(Some of this post is -in-the-field reportage from the Web Donkey’s phone – unfortunately the photos weren’t great and have been substituted by google street views)
This is the Beacon Inn.
This is a pub somewhere in England. It received a visit from a member of the WHV board on Saturday evening. He came in with two empty Stella glasses, and left with two full pints of Fosters, and an empty bladder.
It is at the end of this country lane, a couple of miles off the M5 Northbound.
This is Haresfield. Approximately Two Stellas distant from the Stockwood Vale GC.
Due to paranoia from Rob, we all arrived early for a fictitious tee-off time, so accodingly, we finished a little late. Now, the WD had forewarned fellow travellers that he was getting straight off afterwards as he was likely to be in the Doghouse with the mother of his infant child for just ‘gadding about doing whatever he wants’. Before the round, the TD had asked the WD if it was going to be possible for him to join him in an early trip home as he too was in the Doghouse with the mother of his infant child, this time for doubling up on curry house visits the night before (or something, it has to do with a mixed grill ordered but not consumed and more libations with WHV members whilst guests were at the house).
At the point of departure, the TD popped into the clubhouse to pick up the token for the barrier and came back with a couple of pints. He seemed to be in relatively good spirits, insisting on playing his Longpigs CD whilst we drove round the Bristol ring road on a Saturday evening with him showing off to parallel cars at roundabouts. “Boy” and “Helluva Boy” (with hand gesture) were seen a couple of times. Apparently Ron had banned the TD’s tunes from his motor on the way down, and they all had a lot of fun playing a game with Ron’s ipod until Bacon ruined it by going for Johnny Cash or something. Anyway, 4 songs (all of them ‘brilliant’) into the CD and the TD was bored and demanded that the WD hook up his ipod so that the TD could compose a DJ set on the fly.
We were now on the M5 and making reasonably good time – should have had him back in Knowle for quarter to nine, not too bad. He was disappointed that I did not have all of the Sis and Roses tunes for him to accurately replay his ‘set’ from Spike’s wedding (thank Christ), but he did then proceed to flick through the thousands of songs on my ipod muttering “I can’t believe you don’t have [rubbish song, mostly by Oasis], you’re killing me here kid”, or “this is the best song they ever did!” – quite forcefully.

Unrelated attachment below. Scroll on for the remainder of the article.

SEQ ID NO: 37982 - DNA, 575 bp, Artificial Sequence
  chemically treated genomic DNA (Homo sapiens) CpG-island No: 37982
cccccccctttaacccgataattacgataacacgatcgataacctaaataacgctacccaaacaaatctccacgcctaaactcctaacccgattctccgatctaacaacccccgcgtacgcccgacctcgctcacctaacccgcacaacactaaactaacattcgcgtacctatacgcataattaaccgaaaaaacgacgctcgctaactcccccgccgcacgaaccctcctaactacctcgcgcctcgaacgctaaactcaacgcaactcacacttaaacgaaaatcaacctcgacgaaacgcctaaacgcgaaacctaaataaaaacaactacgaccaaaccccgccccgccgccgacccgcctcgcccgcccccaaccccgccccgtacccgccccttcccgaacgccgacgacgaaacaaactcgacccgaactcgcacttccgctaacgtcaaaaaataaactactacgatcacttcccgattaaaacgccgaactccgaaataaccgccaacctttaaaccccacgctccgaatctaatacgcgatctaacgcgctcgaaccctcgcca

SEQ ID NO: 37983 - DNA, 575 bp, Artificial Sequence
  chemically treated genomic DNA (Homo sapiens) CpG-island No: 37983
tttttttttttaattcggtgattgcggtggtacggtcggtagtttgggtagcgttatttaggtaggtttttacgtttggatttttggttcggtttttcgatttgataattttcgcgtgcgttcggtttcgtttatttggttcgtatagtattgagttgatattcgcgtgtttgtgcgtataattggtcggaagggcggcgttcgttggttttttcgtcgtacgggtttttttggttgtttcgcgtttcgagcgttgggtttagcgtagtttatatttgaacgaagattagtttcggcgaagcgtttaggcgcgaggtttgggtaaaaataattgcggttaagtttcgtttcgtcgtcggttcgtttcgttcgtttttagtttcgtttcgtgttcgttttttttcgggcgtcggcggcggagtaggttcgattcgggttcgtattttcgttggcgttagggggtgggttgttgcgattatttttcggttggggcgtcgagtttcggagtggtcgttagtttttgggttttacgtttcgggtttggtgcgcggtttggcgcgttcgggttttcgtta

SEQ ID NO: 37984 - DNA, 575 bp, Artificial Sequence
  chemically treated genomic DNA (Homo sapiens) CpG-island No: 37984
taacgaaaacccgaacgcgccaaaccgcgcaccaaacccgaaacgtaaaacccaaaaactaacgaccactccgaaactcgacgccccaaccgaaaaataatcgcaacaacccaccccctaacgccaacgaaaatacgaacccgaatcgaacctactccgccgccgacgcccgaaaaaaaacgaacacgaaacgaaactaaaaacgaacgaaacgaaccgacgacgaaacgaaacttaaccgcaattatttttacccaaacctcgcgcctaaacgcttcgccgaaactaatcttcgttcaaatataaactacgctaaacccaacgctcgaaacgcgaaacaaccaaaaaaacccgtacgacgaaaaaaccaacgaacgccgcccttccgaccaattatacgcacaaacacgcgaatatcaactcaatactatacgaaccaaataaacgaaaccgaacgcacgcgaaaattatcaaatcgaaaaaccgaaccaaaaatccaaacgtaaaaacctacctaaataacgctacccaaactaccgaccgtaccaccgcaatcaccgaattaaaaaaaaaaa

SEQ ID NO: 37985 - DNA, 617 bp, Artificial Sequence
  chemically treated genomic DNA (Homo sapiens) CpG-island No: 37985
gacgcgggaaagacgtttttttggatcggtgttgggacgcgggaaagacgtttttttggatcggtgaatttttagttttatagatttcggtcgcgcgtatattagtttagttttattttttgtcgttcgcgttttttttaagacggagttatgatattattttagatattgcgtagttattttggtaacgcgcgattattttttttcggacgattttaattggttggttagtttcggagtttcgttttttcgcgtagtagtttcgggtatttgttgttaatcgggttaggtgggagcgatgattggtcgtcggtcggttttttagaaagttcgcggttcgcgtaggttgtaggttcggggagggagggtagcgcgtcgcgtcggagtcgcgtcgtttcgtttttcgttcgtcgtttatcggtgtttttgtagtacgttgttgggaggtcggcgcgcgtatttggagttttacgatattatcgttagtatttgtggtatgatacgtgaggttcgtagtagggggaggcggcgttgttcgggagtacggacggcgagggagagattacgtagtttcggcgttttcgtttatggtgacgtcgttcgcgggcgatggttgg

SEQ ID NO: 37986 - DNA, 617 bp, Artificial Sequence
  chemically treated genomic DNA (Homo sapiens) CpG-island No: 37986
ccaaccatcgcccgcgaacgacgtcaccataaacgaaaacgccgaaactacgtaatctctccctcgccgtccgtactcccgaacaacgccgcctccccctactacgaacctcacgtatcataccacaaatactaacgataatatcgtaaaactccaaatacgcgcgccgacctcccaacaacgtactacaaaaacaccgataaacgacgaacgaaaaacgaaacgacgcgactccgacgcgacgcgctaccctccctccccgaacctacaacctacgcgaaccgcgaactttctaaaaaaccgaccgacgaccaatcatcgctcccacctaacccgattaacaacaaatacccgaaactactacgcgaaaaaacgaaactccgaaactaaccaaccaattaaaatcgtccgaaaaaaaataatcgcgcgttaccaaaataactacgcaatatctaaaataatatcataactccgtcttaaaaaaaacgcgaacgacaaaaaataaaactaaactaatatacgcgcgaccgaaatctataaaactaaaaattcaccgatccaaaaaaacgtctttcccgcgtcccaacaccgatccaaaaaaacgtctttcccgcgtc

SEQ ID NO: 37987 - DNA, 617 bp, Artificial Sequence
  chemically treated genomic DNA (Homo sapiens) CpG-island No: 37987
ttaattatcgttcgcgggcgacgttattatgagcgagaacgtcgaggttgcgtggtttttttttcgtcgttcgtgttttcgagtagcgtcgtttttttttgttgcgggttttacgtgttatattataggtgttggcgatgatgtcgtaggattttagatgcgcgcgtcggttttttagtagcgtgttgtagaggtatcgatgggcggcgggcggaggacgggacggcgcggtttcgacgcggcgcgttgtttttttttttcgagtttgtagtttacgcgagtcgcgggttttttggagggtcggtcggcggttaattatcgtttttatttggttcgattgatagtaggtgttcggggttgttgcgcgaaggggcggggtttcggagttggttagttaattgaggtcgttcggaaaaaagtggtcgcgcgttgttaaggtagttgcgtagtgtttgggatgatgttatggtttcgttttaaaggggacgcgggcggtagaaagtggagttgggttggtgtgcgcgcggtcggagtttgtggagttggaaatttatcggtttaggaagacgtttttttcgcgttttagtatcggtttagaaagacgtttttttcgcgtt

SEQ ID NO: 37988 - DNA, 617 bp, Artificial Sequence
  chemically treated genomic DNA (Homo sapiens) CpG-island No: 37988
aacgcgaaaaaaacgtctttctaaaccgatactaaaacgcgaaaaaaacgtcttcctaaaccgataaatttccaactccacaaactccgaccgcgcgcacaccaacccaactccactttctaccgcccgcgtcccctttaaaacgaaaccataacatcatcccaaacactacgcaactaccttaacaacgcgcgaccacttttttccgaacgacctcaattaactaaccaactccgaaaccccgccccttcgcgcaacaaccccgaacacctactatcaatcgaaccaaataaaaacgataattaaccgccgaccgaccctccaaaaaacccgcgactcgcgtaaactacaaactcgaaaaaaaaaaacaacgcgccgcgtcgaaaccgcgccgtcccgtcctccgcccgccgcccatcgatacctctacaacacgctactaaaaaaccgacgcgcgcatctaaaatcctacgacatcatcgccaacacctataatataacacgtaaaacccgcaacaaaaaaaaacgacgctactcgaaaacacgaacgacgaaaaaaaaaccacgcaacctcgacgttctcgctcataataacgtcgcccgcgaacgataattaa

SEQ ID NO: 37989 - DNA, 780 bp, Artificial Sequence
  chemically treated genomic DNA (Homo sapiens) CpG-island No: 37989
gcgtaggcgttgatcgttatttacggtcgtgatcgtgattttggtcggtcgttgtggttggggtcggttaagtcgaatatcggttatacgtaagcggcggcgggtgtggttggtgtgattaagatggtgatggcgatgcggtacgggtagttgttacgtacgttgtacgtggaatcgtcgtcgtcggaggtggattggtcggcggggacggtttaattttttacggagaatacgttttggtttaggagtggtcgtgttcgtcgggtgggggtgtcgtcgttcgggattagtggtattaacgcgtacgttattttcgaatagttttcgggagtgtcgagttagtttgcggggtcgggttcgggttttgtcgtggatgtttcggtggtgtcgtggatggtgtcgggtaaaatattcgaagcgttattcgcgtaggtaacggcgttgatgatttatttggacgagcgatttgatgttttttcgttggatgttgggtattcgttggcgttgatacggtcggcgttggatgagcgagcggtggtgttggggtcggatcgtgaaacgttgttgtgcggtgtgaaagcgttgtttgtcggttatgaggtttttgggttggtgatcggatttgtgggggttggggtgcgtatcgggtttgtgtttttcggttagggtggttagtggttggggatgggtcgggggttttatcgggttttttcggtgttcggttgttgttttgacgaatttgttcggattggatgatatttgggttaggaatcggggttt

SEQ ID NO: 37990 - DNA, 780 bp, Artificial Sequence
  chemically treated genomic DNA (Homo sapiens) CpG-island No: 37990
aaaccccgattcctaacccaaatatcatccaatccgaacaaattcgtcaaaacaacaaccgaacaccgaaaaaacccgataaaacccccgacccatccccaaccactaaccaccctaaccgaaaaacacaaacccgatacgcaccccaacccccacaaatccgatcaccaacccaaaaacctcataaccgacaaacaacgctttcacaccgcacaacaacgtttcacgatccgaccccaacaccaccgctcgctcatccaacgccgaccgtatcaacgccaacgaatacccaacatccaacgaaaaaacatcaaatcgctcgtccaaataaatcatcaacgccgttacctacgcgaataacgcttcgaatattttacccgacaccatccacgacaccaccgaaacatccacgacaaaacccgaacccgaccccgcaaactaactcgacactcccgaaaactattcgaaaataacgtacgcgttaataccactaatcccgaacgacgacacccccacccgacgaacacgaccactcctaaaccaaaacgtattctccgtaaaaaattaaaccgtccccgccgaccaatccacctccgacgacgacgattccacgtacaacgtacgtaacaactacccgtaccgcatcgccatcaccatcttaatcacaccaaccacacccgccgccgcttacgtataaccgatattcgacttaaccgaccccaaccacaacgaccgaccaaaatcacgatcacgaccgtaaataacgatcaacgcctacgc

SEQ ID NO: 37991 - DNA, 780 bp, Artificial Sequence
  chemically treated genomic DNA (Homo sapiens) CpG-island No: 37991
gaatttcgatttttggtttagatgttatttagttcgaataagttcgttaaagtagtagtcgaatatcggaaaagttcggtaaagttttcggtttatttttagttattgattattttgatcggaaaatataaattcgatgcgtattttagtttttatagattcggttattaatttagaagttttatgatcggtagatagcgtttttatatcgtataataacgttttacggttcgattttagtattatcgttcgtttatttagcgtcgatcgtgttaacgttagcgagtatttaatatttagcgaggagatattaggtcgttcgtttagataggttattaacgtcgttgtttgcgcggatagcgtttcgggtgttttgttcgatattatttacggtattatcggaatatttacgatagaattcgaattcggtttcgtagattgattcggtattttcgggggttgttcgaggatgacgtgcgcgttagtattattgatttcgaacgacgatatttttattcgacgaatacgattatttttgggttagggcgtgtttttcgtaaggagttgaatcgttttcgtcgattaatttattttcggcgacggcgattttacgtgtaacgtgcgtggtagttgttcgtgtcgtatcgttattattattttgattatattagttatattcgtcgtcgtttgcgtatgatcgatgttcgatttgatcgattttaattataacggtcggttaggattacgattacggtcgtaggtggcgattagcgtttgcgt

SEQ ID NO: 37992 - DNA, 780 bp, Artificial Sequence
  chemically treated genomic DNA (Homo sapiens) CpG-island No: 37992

He doesn’t like the fact that the ipod automatically plays the next song once the one he’s selected has finished, it annoys him, he’s much happier picking one at a time, apparently. Come on Apple, pull your finger out – portable music should be just like when you lined up a load of 7″ singles on your mum’s music centre. Apparently, his own ‘Best of the Roses’ CD annoys him for chopping Resurrection short – ruining one of the top five tracks ‘EVER’ – luckily I did have the full version and I got 6 or 7 minutes of dancing rather than singing.
Anyway, halfway up the M5 he started gesturing towards exits. Conscious of our Doghouse status and the need to get home ASAP, I ignored this for the Gloucester junction – “you’re killing me here kid, just 5 minutes to a boozer, I need more beer”. So I acquiesced and that’s how we ended up at the Beacon Inn in Haresfield. Looked quite nice. Expensive houses. 10 minutes whilst the slowest service in the world poured him more refreshment and we were heading back to the motorway.
Several rounds of Mondays, Smiths and Supergrass tunes later, and with a full volume rendition of ‘Lucky Man’ by the Verve being bellowed out I was being directed off the M42 into Knowle. The WD has never been to the TD’s house, so my only option was to follow directions, which took me to a car park in the centre of the town – at 9 o’clock, just a single hour later than he’d promised – to deposit the young man, and his clubs, trousers, empties and Longpig CD to whatever laid ahead of him.
I do not know what happened next, but I do know that my ‘Tales of Greggers’ certainly got me right out of trouble when I got home.
At least he kept his clothes on for the whole of the journey.